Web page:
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Tinnitus is essentially a sound that you hear in your head that is not caused by an external source. This sound is commonly a ringing, buzzing, tapping or a loud intense noise and is not actually present externally.
A whopping 9/10 people on an average tend to experience at least some magnitude of tinnitus. Fortunately, the human hearing system has a natural tendency to evade irrelevant sounds and as such, most of us get over Tinnitus in due course of time. However, being worried about your tinnitus unanimously makes you give a lot of importance to the tinnitus, making it difficult for you to get over it.
Tinnitus can really take a toll on your regular way of life. Difficulty in focusing, insomnia, severe headaches and migraine, sensitivity to loud noises, or anxiety at elevations are some of the common effects of tinnitus.
Tinnitus is usually associated with prolonged exposure to loud noise, ear diseases or infections, loss of hearing, ear or head trauma, and stress.
In addition, it can possibly be a side effect of some medication. It should be noted that heaps of people who have tinnitus may have never even suffered from any of these issues. As such, tinnitus and its effects vary in each individual.
The most common cause for tinnitus is loss of hearing, no matter how less. Hearing loss normally deprives the brain of the necessary sound reception that it is used to. In order to make up for that, your brain inherently tries to tap into any sound it can perceive even if it is internal. As such, the brain intercepts the natural internal sounds within the head and marks them with enough relevance to be perceived. This sound is designated as tinnitus.
Prolonged exposure to noise can result in loss of hearing and tinnitus. In fact, people have even reported experiencing tinnitus on exposure to loud noises. This tinnitus is temporary and goes away shortly. It serves as a heads-up that you have been exposed to loud and bothersome noise.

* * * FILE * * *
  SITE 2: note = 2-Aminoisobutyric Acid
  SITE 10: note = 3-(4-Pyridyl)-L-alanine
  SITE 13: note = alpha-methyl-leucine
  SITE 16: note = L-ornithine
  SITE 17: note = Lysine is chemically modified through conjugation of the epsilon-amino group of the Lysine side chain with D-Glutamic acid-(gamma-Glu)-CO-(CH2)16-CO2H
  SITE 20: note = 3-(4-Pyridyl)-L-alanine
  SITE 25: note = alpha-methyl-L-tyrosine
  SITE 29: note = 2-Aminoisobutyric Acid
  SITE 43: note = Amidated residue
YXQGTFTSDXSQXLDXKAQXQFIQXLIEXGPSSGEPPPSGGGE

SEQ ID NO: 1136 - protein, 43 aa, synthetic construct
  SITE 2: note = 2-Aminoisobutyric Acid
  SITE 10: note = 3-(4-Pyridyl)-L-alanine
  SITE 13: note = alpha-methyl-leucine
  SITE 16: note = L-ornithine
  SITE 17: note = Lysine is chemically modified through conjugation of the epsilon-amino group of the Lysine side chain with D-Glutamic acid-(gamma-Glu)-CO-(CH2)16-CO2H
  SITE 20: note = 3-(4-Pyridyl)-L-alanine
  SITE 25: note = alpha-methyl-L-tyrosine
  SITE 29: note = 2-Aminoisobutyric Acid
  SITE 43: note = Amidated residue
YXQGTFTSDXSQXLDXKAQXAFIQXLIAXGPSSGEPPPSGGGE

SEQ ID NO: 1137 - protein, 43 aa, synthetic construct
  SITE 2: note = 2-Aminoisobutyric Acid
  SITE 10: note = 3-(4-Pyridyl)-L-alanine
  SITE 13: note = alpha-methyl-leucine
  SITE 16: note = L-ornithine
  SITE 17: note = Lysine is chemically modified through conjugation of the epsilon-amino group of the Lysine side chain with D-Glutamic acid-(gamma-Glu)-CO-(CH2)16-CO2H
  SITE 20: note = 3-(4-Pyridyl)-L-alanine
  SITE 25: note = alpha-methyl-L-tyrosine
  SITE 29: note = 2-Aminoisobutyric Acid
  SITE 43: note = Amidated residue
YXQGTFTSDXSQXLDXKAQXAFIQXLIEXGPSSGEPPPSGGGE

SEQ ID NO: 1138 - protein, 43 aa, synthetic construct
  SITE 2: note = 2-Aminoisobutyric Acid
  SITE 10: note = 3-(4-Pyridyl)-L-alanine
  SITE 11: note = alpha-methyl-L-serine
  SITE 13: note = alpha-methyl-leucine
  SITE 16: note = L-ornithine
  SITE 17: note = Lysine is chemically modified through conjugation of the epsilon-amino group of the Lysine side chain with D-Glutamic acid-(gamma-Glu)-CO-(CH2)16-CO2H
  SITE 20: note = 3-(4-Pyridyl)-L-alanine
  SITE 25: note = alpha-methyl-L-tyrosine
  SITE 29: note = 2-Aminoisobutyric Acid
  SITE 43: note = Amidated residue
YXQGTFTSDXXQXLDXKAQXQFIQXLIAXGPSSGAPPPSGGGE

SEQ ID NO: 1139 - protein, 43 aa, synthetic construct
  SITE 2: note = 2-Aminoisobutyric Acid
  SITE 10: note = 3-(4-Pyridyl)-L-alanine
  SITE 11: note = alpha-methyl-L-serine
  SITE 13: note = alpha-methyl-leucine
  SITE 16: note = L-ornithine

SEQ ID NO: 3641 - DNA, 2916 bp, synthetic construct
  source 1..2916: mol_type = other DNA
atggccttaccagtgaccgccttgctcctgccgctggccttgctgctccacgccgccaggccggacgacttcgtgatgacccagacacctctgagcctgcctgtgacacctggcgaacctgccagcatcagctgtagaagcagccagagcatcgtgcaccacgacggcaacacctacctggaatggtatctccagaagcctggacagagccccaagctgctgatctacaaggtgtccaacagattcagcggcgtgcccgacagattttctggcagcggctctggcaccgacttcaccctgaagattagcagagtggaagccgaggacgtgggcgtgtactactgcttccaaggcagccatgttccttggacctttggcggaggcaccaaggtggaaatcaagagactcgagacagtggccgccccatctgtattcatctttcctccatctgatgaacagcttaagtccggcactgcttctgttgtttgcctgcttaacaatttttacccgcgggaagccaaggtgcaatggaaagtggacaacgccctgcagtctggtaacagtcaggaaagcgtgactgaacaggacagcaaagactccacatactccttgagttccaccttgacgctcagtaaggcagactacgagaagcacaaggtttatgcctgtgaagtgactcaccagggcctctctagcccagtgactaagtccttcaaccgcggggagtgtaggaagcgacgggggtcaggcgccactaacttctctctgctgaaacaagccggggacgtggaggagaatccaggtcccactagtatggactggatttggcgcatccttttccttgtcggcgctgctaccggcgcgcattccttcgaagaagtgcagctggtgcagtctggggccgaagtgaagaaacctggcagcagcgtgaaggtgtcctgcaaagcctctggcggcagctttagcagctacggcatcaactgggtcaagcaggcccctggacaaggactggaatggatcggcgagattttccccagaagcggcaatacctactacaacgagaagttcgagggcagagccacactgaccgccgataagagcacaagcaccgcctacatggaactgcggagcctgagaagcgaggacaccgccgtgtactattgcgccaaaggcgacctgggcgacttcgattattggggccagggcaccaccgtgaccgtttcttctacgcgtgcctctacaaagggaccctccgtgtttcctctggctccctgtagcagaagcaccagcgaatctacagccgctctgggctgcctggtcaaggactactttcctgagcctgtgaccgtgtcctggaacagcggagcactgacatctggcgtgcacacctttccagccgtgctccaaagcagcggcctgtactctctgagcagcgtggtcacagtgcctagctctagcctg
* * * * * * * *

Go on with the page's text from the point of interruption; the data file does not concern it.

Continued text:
Though stress is not directly responsible for causing tinnitus, it can make tinnitus worse. It has been documented that excessive stress or stressful events can lead to tinnitus. Therefore, it is established that stress management is pivotal to tinnitus management. Consequently, de-stressing is crucial for tinnitus treatment.
It has been mentioned previously that tinnitus and its effects vary from individual to individual. As such, each case of tinnitus is unique and its management is a function of the individual’s set of conditions. To serve the purpose of providing effective tinnitus treatment, special management steps are crafted depending on the conditions of the individual.
At Hearing Aids’ Professional, our expert team of audiometrists leave no stone unturned in getting to the core of the causes for your tinnitus and the factors that are reinforcing it. In addition, we make it a point to closely inspect the impact that your tinnitus is having on your daily life. Accordingly, a comprehensive plan is developed to help you manage your tinnitus. This plan is a subject of various meticulous strategies that are customised to suit your conditions and lifestyle alike.